Something is busy underground in the dunes leaving little piles of sand beneath small D-shaped holes. Wait patiently and a striking wasp will reverse out of the opening dragging a fresh excavation as it adds another extension to its burrow. It’s a beewolf, a solitary digger wasp that lays eggs underground and not in a hive.
Beewolves eat nectar and pollen, but there is a grisly side to the story.
Females capture honeybees, paralyse them with a sting and carry them back to the burrow where they seal them into a chamber still alive along with a single egg. When the egg hatches into a larva, the entombed bee is food until the larva is big enough to spin a cocoon and pupate for the winter. Come the summer a new wasp will emerge from the burrow.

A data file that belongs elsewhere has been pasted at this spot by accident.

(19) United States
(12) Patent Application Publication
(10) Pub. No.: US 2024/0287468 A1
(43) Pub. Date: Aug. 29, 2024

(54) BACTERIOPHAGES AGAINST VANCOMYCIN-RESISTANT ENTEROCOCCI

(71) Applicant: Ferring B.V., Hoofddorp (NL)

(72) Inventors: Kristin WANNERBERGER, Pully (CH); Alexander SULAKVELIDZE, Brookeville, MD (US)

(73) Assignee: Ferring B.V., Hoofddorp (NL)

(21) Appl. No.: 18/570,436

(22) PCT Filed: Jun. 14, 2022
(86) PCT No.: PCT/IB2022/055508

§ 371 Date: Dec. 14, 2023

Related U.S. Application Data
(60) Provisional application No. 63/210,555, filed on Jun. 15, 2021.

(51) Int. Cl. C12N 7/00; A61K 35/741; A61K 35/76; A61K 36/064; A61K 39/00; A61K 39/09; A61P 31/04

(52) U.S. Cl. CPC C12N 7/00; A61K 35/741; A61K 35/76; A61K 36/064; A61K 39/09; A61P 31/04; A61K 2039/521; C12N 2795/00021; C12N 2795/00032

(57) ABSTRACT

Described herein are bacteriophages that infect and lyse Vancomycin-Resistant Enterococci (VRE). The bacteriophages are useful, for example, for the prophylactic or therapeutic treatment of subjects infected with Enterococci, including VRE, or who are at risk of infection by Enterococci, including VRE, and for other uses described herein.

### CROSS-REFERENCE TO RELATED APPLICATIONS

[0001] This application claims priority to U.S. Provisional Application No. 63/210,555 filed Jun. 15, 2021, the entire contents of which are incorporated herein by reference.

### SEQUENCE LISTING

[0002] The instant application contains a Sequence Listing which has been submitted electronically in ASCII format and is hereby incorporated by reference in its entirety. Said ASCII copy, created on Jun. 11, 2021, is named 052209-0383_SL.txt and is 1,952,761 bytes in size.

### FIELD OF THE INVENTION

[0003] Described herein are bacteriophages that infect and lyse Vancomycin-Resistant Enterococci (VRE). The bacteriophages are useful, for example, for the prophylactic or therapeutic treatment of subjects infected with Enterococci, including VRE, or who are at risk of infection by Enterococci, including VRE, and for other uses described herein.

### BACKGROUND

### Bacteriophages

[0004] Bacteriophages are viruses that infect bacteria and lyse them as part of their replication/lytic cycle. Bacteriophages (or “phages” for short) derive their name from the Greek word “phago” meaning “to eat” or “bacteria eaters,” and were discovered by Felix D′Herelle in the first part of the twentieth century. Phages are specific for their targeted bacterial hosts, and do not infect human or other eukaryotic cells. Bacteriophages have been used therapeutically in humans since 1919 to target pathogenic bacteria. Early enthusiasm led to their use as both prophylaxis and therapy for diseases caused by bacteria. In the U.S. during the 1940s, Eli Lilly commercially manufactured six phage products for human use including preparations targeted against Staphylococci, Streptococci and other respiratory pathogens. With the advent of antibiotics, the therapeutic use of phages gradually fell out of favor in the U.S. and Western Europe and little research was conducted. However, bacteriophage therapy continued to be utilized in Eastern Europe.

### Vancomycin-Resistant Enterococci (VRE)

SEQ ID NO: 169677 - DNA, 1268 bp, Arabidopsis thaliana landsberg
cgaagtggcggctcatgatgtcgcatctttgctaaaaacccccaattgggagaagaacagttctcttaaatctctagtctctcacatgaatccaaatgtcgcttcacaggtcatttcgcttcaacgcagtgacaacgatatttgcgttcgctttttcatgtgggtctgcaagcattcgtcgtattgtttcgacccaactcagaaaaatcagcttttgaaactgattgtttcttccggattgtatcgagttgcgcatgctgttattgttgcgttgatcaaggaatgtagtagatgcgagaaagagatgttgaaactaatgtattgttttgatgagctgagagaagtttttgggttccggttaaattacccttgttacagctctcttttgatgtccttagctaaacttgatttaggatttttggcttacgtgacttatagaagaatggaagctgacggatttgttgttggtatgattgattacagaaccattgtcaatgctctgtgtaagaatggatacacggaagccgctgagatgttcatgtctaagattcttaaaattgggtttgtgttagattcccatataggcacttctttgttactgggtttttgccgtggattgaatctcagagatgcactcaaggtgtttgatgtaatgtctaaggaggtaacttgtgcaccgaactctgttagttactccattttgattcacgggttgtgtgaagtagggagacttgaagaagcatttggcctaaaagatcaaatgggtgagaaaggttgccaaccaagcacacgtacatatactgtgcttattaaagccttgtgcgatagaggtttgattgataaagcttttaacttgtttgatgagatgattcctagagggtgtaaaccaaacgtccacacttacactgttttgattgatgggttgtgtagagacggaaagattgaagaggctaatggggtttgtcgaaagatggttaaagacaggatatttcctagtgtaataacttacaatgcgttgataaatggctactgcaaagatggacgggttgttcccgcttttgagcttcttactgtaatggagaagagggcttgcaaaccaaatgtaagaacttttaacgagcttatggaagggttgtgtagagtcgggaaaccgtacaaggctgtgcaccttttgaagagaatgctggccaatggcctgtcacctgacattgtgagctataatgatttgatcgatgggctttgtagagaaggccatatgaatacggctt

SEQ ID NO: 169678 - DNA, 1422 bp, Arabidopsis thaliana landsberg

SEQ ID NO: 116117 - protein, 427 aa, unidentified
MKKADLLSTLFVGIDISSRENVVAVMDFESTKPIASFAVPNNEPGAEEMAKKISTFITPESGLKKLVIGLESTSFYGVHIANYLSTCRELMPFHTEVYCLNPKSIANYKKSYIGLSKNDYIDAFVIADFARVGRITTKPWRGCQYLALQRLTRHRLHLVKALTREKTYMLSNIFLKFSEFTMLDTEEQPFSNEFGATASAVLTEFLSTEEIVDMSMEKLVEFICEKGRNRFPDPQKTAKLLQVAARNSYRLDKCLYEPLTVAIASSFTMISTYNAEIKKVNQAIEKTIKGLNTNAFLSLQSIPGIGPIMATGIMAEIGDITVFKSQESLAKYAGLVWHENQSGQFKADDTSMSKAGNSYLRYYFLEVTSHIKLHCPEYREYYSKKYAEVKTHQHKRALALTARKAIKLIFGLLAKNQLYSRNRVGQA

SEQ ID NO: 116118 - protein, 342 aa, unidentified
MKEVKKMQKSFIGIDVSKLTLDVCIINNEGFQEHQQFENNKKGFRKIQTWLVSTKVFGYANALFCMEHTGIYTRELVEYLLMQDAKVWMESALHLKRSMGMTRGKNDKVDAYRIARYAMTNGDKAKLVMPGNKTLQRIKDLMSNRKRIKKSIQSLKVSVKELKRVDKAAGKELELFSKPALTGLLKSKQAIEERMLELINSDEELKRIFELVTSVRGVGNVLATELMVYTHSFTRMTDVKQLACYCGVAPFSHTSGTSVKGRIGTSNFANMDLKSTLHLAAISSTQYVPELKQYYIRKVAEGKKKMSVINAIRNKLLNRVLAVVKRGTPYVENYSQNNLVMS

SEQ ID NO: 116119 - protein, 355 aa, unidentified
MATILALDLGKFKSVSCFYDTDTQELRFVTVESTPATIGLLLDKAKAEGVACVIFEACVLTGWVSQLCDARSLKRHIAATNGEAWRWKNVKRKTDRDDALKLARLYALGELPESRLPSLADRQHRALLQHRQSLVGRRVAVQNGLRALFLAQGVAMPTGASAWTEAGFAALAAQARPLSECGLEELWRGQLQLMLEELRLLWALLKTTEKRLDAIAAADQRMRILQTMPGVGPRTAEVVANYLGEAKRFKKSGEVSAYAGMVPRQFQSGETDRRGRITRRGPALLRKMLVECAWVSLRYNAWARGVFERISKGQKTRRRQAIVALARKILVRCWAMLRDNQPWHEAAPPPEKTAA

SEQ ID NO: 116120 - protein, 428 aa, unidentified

Beewolves were once considered a rarity but there has been a huge increase in range and abundance since the late 1980’s.